Six changes to make!
Here are the major things I recommend these congregations look at to make the changes needed:
1) Sever the denominational ties! If you can’t completely depart from the denomination change the name on the building so that the message is clear that the purpose and mission of the local congregation is not about denominational differences but about the essential message of the gospel.
2) Focus on the local community! Local congregations are designed to serve the local community. People within a few miles of the church need Jesus and having a local church provides great opportunities for fellowship and true communion.
3) Worship! All too often we worship our worship rather than worship the Creator. There has been more hand wringing and arguments over the style and type of worship in a church than any other issue. Worship preferences are rarely doctrinal issues and Christians have worshiped God in many different manners over the past 2,000 years.
4) Preach the gospel! As churches become smaller the preacher assumes that since the remaining people already know the gospel, they need to be given other lessons in stewardship, parenting, ecology, history, social services or other useful but nonessential messages. It is the gospel that brings spiritual rebirth and it is the gospel that people need to hear.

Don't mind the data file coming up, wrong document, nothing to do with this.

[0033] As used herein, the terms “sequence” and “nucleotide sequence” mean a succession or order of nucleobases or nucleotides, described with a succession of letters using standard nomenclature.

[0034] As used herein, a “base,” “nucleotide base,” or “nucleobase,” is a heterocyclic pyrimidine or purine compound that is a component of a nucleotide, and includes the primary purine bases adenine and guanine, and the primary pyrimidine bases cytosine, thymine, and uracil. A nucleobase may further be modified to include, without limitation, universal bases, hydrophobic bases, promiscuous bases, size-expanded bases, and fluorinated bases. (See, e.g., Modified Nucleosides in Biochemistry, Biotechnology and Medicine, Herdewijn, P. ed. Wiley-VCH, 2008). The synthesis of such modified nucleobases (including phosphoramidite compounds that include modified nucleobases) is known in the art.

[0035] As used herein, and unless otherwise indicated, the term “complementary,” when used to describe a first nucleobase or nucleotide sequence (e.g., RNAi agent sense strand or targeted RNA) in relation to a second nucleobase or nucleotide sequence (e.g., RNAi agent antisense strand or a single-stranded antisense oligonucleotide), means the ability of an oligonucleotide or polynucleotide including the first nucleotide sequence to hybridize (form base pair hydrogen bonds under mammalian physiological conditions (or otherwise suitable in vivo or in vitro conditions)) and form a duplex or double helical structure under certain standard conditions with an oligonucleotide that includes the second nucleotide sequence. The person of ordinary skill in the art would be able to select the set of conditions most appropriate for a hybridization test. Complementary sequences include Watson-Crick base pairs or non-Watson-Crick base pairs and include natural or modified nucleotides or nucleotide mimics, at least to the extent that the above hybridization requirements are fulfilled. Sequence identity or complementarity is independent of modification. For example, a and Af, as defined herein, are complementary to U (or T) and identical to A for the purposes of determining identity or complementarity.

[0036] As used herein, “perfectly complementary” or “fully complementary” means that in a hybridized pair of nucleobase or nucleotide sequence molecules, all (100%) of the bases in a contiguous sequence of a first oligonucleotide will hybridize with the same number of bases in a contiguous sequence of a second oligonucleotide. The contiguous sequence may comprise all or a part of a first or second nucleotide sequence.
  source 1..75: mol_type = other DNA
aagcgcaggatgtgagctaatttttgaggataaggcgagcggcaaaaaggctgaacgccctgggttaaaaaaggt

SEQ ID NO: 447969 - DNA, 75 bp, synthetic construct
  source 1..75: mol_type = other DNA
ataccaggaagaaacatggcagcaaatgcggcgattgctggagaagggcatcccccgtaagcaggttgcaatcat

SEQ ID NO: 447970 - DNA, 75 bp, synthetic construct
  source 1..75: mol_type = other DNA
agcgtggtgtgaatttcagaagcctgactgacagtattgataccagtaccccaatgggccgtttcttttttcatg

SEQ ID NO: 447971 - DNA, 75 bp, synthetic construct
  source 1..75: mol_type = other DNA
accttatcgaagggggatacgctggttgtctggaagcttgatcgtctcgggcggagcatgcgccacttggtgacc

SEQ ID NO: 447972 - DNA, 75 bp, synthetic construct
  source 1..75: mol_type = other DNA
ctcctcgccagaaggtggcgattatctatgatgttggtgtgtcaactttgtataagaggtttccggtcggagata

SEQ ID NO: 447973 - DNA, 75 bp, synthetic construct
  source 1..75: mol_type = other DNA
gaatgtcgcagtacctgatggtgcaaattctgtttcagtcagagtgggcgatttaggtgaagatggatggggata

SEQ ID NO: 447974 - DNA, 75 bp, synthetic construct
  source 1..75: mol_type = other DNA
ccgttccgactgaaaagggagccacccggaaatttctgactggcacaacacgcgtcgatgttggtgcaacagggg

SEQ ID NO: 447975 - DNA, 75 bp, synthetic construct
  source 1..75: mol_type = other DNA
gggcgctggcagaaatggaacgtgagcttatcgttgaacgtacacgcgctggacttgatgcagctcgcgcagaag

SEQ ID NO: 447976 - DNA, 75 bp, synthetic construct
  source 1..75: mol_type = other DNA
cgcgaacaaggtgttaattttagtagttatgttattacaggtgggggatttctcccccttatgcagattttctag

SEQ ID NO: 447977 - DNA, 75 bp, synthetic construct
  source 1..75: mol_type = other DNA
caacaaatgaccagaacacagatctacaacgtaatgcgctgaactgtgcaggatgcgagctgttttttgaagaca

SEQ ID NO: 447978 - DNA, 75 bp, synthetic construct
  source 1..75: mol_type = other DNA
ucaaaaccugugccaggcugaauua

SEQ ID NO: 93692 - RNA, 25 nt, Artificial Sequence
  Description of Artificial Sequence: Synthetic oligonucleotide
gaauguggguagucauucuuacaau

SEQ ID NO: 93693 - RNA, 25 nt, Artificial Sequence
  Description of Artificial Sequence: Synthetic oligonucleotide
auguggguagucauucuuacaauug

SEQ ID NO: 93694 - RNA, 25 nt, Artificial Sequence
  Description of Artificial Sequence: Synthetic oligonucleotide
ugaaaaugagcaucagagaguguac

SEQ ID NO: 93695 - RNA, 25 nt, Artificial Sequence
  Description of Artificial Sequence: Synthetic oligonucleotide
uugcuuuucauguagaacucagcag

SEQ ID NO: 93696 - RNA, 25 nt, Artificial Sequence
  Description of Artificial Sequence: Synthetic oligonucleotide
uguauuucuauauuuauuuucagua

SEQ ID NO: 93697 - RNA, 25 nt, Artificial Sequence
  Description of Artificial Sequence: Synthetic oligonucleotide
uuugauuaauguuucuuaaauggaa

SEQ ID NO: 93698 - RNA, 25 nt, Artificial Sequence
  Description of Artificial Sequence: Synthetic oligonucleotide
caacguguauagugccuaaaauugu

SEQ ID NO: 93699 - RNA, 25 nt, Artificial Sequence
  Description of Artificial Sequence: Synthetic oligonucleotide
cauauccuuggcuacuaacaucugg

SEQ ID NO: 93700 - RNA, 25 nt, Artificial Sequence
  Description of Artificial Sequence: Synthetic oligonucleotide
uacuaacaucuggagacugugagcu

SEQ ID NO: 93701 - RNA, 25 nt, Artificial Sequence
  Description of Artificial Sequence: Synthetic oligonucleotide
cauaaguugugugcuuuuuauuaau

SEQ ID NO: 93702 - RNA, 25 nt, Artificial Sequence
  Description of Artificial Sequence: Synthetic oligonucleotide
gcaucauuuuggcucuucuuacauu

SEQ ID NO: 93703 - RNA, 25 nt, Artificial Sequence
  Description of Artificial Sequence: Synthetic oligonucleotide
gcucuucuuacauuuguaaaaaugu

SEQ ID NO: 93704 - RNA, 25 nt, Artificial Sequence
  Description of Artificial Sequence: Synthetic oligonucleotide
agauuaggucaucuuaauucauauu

5) Evangelize! Evangelism is not a program nor an annual outreach, nor even an option; it is a command. Evangelism is just another term for our part of the Great Commission, as it was Jesus that said to go and make disciples. We go, He brings the Holy Spirit.
6) Pray! It is Biblical and it has also been show historically that there are no second generation Christians. Every believer begins his or her walk with the Lord individually. Christianity is about prayer, self-sacrifice, humility, discipline and the development of a personal relationship with God through Jesus Christ.
Jesus said that the gates of hell shall not prevail against the Church. With that we have to understand that there is a very significant spiritual component as we lead and determine the appropriate actions to take to revitalize our congregations. We pastors also need to always remember that its not our efforts but each member that contributes to the vitality of the local church. In Ephesians chapter 4 the Apostle Paul says, “As each part does its own special work, it helps the other parts grow, so that the whole body is healthy and growing. …” (Ephesians 4:16b, NLT)